Human beings can exhibit complex, goal–oriented behavior without conscious awareness of what they are doing. Thus, me...

Andrew on May 16 at 01:32AM

I need help with this exact sort of necessary assumption

PT 82 Sec.4 Q13 is a necessary assumption question that follows: "Computer voice-recognition technology currently cannot distinguish between homophones such as "their" and "there." As a consequence, until voice-recognition technology is improved to recognize and utilize grammatical and semantic relations among words, voice-recognition programs will not accurately translate a computer user's spoken words into written text." In this question the author is conflating distinguishing between homophones with recognizing grammatical and semantic relations which I recognize. But in the course of doing this question I realized I have no idea which order to put the two in for the right answer. The correct answer for the question above is "DH --> RGSR." I really don't understand why its in this order and not the other. Likewise, this question, equates intelligence with complex, goal-oriented behavior and I have no idea why the correct answer is in the order its in. I need someone to walk me through exactly what to do when a necessary assumption conflates to ideas to prove a third idea that is related to a concept in the first premise (Consciousness vs conscious awareness & Accurate translation vs can't distinguish homophones) and why exactly the answer choice is in the order that its in.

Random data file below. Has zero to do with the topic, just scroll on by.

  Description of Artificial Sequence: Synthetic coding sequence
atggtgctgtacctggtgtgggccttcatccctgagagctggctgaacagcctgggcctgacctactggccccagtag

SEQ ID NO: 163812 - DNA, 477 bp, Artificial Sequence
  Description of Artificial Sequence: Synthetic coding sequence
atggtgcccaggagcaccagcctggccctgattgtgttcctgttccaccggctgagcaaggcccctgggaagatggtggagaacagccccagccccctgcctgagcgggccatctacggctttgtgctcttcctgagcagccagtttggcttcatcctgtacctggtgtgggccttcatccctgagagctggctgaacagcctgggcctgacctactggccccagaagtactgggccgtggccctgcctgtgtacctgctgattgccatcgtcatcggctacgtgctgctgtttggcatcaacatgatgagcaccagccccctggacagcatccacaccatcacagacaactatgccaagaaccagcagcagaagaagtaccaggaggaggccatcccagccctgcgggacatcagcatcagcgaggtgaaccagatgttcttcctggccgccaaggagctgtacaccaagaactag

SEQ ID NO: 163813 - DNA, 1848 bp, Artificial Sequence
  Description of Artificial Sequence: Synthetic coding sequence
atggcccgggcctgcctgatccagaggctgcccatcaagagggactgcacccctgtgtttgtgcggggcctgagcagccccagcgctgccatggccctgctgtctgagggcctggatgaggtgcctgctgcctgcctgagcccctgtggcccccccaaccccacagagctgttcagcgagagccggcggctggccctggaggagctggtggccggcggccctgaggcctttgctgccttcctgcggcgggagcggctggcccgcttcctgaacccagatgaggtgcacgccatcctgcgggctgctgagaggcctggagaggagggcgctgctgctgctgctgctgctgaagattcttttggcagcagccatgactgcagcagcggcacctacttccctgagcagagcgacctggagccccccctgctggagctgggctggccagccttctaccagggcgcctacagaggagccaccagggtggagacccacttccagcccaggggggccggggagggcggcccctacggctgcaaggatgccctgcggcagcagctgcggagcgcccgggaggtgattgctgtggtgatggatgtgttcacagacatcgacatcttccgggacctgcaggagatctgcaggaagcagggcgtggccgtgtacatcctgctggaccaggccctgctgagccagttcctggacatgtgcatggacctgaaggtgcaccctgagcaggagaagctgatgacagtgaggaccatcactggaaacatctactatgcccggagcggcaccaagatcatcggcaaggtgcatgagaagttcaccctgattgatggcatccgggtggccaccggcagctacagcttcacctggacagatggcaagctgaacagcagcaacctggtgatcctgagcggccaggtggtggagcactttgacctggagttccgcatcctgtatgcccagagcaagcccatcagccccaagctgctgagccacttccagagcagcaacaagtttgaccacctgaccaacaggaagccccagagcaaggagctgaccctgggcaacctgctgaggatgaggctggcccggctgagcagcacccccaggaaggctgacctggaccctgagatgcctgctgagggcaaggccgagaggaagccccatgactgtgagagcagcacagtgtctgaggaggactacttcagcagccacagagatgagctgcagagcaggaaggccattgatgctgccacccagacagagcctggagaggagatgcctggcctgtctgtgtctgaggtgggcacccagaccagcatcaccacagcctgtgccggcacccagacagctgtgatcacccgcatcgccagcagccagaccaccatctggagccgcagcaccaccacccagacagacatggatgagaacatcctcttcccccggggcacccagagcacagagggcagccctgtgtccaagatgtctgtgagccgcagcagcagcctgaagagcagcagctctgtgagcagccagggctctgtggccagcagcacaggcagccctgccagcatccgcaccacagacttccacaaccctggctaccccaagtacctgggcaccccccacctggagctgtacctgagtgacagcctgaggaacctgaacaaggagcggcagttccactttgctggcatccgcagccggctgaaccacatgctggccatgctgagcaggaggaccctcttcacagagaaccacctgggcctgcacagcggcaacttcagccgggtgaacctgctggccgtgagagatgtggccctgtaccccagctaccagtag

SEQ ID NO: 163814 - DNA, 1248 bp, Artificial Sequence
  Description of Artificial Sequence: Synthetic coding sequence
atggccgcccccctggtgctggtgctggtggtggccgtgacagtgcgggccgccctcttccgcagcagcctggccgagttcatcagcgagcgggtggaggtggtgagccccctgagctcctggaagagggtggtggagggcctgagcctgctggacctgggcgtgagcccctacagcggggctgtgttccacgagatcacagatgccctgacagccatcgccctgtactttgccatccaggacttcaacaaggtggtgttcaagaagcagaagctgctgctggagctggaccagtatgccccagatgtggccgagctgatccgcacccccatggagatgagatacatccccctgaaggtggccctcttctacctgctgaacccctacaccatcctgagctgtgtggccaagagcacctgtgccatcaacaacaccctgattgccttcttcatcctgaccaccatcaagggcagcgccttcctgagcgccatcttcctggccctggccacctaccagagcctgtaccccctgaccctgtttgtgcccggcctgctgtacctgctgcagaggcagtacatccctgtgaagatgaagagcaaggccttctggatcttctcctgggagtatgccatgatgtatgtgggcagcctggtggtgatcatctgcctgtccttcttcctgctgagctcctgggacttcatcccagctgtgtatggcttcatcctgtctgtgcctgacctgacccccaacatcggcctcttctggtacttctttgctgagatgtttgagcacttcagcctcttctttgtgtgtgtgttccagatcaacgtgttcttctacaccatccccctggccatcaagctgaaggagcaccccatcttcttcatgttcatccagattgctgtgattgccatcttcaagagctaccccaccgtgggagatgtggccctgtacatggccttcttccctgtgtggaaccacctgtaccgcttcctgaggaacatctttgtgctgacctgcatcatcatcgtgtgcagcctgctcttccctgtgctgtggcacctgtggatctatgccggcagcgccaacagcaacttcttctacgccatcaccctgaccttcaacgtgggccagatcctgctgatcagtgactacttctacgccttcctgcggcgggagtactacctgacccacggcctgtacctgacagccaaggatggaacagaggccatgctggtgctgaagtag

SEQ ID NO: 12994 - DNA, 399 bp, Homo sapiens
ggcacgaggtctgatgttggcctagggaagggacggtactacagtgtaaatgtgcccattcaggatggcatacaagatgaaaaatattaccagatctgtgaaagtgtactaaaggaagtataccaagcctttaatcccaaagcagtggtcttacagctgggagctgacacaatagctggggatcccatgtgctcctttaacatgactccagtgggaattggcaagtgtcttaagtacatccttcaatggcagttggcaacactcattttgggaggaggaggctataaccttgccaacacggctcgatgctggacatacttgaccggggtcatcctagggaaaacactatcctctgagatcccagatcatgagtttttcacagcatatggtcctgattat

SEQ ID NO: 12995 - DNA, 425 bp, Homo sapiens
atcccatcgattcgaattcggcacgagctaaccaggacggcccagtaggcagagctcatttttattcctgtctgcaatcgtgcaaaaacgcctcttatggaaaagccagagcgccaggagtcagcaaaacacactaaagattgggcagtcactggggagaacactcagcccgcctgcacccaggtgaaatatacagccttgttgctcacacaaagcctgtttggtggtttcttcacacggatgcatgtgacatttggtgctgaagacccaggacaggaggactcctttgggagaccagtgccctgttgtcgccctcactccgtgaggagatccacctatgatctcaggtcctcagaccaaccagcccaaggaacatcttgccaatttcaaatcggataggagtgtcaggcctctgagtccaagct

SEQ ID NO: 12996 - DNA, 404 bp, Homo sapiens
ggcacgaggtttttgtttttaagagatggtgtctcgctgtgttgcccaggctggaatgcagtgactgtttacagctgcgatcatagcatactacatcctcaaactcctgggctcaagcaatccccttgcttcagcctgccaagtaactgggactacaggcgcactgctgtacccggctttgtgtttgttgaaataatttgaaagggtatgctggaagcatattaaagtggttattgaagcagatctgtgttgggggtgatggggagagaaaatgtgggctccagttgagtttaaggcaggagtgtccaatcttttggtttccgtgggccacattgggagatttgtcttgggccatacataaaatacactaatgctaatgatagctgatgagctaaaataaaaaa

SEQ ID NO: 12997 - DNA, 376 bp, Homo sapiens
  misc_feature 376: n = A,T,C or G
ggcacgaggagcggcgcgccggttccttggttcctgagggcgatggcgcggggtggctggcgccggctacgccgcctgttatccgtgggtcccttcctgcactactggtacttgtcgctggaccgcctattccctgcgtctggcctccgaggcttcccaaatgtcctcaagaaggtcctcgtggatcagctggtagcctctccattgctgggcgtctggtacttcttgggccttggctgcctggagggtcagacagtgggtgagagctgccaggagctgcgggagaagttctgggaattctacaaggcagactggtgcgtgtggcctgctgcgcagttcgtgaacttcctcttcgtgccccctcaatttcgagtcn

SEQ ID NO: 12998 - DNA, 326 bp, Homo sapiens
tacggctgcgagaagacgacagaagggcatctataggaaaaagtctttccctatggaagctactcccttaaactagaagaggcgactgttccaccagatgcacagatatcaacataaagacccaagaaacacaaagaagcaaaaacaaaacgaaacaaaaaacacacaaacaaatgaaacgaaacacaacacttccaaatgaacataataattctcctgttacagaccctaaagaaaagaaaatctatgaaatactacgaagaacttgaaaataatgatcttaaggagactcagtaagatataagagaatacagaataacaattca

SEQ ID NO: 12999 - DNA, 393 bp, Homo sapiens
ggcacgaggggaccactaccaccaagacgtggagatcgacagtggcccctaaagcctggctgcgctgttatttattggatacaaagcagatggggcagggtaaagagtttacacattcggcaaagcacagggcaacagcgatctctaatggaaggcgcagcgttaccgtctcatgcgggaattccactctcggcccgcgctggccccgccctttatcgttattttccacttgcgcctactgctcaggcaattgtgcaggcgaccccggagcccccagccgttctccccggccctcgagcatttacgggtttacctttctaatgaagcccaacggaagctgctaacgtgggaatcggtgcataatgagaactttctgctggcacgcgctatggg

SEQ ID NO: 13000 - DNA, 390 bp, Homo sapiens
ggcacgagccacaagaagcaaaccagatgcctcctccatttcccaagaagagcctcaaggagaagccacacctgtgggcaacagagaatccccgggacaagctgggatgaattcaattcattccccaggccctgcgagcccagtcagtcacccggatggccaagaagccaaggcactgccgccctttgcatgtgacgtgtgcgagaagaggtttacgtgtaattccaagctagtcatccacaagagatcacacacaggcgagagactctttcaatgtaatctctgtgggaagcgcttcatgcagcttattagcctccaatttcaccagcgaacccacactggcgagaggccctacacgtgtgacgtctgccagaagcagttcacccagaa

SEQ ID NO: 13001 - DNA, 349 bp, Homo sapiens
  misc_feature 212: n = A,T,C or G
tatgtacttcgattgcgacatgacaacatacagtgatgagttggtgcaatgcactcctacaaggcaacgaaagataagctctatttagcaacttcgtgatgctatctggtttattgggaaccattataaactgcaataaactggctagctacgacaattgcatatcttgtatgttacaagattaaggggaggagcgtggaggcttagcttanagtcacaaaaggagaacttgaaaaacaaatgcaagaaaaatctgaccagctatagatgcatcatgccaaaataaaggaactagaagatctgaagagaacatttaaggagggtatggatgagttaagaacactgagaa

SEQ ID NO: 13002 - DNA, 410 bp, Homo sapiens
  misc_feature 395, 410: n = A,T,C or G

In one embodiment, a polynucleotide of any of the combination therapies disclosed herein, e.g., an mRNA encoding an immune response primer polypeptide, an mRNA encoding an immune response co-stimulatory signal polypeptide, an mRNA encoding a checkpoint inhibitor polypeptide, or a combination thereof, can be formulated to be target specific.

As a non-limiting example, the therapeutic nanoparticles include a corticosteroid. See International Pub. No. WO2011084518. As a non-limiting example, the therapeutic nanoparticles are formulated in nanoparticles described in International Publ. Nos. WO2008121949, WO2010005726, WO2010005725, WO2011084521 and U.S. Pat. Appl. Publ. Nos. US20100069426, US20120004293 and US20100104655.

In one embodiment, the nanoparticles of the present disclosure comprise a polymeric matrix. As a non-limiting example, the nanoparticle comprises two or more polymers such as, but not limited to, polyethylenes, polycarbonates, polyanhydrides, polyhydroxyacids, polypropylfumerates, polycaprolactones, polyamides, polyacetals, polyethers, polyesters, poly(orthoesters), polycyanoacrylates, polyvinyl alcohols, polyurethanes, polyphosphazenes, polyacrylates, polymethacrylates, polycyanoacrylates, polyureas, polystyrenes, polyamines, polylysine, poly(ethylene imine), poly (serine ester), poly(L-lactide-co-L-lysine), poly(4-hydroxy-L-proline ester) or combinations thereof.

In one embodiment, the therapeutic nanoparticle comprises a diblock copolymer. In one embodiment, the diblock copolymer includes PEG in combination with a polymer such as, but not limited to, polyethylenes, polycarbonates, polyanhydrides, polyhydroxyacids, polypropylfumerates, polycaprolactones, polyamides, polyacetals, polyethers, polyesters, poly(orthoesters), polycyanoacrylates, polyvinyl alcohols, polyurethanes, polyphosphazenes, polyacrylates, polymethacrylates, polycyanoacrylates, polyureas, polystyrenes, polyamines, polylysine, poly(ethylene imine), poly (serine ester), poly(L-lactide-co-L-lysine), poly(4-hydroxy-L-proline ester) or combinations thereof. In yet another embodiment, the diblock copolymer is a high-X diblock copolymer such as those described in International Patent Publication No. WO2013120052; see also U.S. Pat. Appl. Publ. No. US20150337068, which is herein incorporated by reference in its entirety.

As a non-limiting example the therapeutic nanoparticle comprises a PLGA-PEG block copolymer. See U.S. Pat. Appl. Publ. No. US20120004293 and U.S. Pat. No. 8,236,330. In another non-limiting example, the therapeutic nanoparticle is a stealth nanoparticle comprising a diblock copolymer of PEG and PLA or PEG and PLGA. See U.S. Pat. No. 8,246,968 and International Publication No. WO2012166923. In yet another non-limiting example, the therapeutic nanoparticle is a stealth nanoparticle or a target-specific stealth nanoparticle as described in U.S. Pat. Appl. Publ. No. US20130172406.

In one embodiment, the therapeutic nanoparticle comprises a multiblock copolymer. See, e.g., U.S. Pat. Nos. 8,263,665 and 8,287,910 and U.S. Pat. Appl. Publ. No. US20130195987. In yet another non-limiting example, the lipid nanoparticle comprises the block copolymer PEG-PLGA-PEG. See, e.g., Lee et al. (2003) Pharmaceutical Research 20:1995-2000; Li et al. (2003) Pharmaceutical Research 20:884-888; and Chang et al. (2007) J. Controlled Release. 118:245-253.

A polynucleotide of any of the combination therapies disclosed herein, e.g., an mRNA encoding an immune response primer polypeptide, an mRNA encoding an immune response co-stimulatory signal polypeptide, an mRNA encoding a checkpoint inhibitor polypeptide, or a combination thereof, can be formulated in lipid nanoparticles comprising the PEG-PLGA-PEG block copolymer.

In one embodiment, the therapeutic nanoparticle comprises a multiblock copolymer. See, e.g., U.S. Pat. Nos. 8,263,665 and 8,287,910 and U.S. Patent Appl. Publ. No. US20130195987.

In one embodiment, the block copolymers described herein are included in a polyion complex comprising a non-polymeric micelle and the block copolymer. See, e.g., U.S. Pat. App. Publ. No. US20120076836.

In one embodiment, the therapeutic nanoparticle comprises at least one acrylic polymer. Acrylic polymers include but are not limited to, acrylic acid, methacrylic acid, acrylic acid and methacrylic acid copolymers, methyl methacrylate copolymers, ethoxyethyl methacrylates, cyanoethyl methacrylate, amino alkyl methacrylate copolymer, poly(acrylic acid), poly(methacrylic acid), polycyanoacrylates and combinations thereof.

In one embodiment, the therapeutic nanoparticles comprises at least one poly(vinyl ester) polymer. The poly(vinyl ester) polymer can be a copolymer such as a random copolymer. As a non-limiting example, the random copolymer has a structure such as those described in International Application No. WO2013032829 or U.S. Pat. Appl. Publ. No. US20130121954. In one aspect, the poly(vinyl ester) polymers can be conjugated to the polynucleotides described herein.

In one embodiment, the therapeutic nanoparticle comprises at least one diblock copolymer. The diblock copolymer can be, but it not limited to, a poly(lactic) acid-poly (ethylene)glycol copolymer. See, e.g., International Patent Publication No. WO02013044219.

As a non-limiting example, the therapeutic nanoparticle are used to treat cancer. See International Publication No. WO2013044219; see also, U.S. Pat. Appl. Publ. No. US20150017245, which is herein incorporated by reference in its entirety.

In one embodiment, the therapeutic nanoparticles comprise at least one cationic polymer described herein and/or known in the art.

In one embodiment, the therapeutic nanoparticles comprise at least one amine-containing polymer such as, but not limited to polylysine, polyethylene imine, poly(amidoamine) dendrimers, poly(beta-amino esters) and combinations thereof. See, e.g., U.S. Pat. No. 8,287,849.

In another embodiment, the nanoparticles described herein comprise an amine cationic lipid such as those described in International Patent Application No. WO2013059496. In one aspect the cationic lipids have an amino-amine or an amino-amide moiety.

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Emil on May 20 at 09:12PM

Good question, this is actually a pretty hard thing to articulate. Starting with this question let's take a look.

The premises establish that it is possible to have CGBO without consciousness, and the author uses this to support the idea that intelligence does not equal consciousness. We know we need to equate intelligence with GCBO here, but do we want "if CGBO then intel" or "If intel then CGBO?"

This comes back to the passage. If we have if CGBO then intel, we could rephrase the first sentence as "you can have CGBO without intel" which would indeed fix the argument. We also can try this with If intel then CGBO," which I think would not fully fix the argument. We needed to prove that intelligence doesn't guarantee consciousness, but all this would prove is that intelligence guarantees something that doesn't guarantee consciousness. There may still be other aspects of intelligence.

We could also diagram:
Cgbo not equal C
If CGBO then Intel
So, Intel not equal C.

Looking at the example you mentioned, we need to do the same thing: equate DH and RGSR. We can use the same logic here, we need to replace the one in the premises with the one in the conclusion, which we can do if we say that if DH then RGSR.

Aaaand now after typing all that out, I think I realized a way more succinct way to put it. When we need to equate two things, the sufficient condition is the thing in the premise (which we need to replace with the thing in the conclusion) and the necessary condition is the thing in the conclusion.

Let me know if this makes any sense, because this is as I said a tough tough aspect of the test.

Andrew on May 22 at 06:58PM

That makes perfect sense thank you Emil for such an thorough explanation